Kimberlé Crenshaw: Which seems to me the only justification for the intervention, any justification, is trying to effectuate an arrest. But there's no probable cause, no reason.


Gina Best: None.


Kimberlé Crenshaw: Okay. They're following him, they're following India. They see four month old baby Roman is in the car with them.


Gina Best: Yes.


Kimberlé Crenshaw: They follow them for, what, three hours?


Gina Best: Yes, three hours. And the question was brought up, "Why didn't ... " If they wanted to arrest Angelo Perry, just do a traffic stop. Goes back to your probable cause, they had none. So they followed India. So she drove to a Shell gas-


Kimberlé Crenshaw: India was driving.


Gina Best: India was driving her car.


Kimberlé Crenshaw: Her car.


Gina Best: Her 1990, whatever, Cadillac. We saw video of India getting out of the car, going into the Shell gas station. She stayed in there for almost five minutes. They did not make an arrest at that time, although they could have. She was in the store and they were separated. They could have arrested him, do a takedown if they wanted to. They chose not to. They wait til India gets back in her car, drives to the 7-Eleven, and at that point, in an unmarked SUV, they launched the attack first. They wanted the element of surprise, which is why they ran into the back of her car with such force, that old Cadillac was lifted up. You could see that impact. Then they threw the flashbang grenades. And then you'll see four SWAT officers in full gear, helmets, rifles with the flashlights on the end of it, the rifles. They jumped out of the back of the van and then they ran to the car and fired over 51 rifle rounds into India's car and Angelo Perry. And they later ...


Kimberlé Crenshaw: 51 rounds.


Gina Best: Yes, ma'am. And the Virginia Beach sheriff ... Chief, excuse me, Jim Silvera said that it was an accident, that they did not intend on killing India. But they certainly did intend on throwing flashbang grenades. And one thing is very clear. If she were white, it would not have played out that way.


Kimberlé Crenshaw: What do you think would have happened? What do you think would happen?

Gina Best: None of that. They would have given her none of that. First of all, they wouldn't have called a SWAT team with a white woman in the car with her baby. You know the outroar that that would have caused. Look what happened with Justine. And they threw that officer in jail. Justine Damond.


Kimberlé Crenshaw: Justine Damond, just to point out, is a white woman who was killed by a police officer in Minnesota. That police officer was a Black police officer, Somali of descent.


Gina Best: He's behind bars now.


Kimberlé Crenshaw: He's behind bars right now.


Gina Best: But you name all the Black women, all of the ones and none of them-


Kimberlé Crenshaw: Is there any police officer who's behind bars for killing a Black woman?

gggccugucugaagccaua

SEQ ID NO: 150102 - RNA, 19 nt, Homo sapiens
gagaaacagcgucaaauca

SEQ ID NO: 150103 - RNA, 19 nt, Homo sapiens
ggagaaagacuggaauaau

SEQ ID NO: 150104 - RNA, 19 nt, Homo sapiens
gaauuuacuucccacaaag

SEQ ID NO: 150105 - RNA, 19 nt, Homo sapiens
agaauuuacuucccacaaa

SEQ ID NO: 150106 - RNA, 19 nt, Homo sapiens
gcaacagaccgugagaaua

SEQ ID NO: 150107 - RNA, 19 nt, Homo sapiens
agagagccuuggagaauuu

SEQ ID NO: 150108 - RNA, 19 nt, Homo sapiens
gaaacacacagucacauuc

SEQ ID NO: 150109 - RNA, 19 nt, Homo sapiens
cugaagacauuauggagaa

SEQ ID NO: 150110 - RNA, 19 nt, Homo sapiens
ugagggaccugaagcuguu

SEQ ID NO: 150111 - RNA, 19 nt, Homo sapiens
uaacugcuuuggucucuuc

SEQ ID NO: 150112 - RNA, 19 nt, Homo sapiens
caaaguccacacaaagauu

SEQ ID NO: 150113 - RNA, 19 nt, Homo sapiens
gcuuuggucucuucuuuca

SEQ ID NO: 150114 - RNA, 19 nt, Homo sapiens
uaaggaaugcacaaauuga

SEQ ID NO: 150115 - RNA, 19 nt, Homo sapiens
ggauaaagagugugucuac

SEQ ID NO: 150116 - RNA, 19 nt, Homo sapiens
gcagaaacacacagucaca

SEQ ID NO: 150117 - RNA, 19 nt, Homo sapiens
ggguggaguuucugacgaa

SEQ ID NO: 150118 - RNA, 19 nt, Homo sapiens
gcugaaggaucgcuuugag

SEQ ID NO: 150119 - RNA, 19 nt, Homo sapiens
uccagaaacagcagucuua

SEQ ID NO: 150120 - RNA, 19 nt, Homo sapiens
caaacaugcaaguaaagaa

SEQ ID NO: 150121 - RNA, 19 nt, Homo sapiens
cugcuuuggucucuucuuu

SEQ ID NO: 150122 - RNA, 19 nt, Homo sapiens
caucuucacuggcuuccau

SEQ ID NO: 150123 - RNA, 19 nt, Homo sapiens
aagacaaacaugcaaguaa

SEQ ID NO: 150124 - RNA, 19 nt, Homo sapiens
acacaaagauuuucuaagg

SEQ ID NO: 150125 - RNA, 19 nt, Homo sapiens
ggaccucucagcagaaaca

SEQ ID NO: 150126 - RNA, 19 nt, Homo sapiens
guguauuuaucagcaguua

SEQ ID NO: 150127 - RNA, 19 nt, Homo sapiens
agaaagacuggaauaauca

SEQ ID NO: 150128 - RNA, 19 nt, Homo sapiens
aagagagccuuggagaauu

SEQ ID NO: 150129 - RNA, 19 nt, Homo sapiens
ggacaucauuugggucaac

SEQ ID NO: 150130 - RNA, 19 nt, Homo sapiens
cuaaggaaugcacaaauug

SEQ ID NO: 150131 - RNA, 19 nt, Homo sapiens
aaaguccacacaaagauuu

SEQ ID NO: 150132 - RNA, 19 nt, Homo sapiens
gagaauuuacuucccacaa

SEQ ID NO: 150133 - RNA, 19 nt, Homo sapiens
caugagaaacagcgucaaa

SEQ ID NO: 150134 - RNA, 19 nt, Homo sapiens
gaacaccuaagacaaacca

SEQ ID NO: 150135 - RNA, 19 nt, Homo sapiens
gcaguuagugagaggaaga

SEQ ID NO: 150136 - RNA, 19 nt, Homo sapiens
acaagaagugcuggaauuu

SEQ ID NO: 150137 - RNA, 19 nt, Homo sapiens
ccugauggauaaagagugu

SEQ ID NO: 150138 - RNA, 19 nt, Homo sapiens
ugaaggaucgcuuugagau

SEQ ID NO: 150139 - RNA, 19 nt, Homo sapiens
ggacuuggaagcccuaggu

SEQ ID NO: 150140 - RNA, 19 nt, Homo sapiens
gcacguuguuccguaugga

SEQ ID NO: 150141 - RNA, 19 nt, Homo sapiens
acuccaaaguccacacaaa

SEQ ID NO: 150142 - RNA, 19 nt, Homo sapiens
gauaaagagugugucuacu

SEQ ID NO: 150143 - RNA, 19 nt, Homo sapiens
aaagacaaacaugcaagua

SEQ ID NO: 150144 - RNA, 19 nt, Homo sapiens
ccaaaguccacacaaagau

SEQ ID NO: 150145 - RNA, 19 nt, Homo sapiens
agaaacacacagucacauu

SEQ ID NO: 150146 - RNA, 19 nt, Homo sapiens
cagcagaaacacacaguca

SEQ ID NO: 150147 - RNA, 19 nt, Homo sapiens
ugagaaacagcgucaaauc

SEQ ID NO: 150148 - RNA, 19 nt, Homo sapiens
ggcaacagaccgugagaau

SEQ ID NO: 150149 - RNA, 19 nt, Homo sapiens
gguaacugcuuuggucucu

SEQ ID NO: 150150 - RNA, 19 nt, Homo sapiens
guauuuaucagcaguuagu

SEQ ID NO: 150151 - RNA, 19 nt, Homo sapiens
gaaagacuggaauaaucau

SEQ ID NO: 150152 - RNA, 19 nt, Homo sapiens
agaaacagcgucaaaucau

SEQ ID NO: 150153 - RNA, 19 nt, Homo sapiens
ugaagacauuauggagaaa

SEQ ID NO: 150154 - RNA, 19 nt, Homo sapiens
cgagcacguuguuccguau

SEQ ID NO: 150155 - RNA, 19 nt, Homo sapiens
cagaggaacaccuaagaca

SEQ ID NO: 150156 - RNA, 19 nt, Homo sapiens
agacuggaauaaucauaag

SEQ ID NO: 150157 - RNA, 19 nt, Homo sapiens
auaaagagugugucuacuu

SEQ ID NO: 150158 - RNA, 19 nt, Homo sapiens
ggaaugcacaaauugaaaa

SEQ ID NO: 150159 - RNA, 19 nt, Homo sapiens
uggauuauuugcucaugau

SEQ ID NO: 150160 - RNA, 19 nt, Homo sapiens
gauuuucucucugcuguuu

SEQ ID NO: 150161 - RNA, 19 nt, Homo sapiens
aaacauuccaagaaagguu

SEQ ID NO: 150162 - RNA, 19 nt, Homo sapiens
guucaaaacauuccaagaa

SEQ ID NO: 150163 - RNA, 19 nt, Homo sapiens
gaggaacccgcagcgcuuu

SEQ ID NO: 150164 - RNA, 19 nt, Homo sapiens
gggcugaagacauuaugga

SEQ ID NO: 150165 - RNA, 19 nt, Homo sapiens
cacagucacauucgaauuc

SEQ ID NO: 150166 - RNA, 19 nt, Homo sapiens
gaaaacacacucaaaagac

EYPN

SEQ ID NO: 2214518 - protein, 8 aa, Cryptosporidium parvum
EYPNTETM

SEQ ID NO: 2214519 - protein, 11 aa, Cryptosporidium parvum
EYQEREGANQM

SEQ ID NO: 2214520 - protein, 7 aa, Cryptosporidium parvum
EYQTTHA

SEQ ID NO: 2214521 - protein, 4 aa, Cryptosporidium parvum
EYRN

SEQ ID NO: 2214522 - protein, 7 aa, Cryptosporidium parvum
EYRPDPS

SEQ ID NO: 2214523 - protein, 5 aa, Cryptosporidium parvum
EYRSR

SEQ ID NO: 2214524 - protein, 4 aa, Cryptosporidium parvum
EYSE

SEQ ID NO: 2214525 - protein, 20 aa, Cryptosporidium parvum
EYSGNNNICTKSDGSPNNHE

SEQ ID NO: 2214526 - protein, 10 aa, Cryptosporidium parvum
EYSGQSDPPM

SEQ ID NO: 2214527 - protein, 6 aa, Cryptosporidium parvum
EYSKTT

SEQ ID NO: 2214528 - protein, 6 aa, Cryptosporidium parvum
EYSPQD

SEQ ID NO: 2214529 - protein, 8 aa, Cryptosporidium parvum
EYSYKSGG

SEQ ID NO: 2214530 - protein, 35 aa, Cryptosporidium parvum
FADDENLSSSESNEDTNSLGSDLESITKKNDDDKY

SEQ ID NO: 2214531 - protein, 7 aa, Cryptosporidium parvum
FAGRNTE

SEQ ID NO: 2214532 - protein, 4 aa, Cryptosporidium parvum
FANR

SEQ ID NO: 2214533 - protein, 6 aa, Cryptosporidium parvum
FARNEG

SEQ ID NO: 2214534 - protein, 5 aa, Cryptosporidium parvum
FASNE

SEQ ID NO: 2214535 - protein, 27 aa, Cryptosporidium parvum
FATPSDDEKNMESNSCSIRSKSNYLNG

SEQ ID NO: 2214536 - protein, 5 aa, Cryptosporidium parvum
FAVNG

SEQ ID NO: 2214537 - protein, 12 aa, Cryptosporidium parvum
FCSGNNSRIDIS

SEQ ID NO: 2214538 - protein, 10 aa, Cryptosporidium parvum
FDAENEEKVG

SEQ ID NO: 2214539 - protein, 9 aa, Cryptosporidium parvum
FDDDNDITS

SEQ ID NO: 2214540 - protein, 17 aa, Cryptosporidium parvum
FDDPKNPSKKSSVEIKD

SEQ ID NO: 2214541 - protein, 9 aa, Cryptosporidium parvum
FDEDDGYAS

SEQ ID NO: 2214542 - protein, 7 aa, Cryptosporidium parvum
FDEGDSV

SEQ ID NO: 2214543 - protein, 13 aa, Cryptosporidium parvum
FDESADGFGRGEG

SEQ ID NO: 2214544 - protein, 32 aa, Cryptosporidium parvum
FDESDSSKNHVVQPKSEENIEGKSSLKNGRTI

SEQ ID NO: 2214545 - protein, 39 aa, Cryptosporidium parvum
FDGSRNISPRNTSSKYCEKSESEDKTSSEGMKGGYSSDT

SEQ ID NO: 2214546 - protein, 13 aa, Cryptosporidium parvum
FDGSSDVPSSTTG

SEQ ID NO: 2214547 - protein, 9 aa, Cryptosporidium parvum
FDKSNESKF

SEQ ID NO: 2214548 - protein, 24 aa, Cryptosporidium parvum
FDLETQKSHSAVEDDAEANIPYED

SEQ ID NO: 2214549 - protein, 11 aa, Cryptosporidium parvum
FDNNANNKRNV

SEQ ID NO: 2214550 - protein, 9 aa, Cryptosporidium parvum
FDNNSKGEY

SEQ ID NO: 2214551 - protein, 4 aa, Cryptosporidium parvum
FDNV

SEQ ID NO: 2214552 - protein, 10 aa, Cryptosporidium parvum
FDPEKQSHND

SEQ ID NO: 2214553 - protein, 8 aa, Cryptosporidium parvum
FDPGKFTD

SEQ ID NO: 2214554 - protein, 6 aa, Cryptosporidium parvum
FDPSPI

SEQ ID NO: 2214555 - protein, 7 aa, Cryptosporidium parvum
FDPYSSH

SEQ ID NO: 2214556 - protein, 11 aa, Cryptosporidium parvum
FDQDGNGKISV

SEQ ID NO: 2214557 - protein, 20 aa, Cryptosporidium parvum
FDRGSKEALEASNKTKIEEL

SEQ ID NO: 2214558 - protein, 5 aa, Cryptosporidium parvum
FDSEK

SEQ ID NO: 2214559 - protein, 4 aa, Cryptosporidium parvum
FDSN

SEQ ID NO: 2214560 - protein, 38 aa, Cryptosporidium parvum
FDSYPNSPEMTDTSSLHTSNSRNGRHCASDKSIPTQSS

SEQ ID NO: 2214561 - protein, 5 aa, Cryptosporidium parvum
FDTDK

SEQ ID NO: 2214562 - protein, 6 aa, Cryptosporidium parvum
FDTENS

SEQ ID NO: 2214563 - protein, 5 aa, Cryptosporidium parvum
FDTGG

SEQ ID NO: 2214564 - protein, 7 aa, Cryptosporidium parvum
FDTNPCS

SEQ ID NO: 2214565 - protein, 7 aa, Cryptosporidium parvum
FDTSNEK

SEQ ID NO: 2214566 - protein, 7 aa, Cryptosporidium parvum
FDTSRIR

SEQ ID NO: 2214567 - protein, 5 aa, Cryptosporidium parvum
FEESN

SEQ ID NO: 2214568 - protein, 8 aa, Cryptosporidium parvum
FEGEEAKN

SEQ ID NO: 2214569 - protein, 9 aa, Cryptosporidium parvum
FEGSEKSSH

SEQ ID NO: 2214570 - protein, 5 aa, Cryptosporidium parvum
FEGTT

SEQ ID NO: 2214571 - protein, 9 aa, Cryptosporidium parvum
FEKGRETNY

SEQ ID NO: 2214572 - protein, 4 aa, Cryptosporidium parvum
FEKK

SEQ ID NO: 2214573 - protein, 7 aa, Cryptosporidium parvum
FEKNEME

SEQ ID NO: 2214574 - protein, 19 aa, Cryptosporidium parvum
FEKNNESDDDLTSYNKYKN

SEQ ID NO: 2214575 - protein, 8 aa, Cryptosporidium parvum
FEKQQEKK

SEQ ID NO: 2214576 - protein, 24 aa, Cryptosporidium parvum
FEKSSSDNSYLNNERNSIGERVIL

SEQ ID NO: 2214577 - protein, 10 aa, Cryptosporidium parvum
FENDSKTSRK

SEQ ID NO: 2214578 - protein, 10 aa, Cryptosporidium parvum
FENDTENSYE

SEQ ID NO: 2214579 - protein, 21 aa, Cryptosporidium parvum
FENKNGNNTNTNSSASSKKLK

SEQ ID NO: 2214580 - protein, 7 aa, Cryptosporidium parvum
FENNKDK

Gina Best: No, there are none.


Kimberlé Crenshaw: Talk to us a little bit about the communication that you've had and had with the police department. What did you hear? When did you hear it? And what has your relationship been with the police department that took her life since then?


Gina Best: All right. First of all, we were asking for the video. They wouldn't release it.


Kimberlé Crenshaw: You're still not seeing the video?


Gina Best: Not the real, authentic one, no. I don't have India's belongings, her sketchbook, her phone.


Kimberlé Crenshaw: All the things that she had with her?


Gina Best: Nothing. I don't have her purse. I have nothing.


Kimberlé Crenshaw: Why is that? These are her personal effects. Why don't you have them?


Gina Best: Because the attorneys said that, to give them to me now is a biohazard because of the blood. These are my daughter's belongings. I want them, even the car. All of that. And let me just share that that night before, a mother's heart knows something's wrong, when something's going on with their kids. I couldn't even sleep. I knew something was off and I was up at like 01:33 in the morning, finally drifted off.

Something doesn't feel right. It's just this strange... I just felt something was wrong. Finally, drifted off to sleep. It was after three, because I remember I was going to watch something on Netflix. Then around seven something India's face shows up on my phone. I said, "India” when I see her face there, thinking. And it was Richard. And he says, "Gina, India is not with us anymore." He paused and I don't remember how I got out of my bed, but I found myself at the top of the stairs.


I screamed and screamed and screamed, and my son and my youngest daughter came out and I was just screaming India's name. Apparently, I ran out of the car. I grabbed my purse and the keys to my car barefoot and I ran out and jumped in my car and I just was trying to drive to get away from what I had just heard. Just trying to get away from that. Since then, there has been no acknowledgment by the police at all. At all.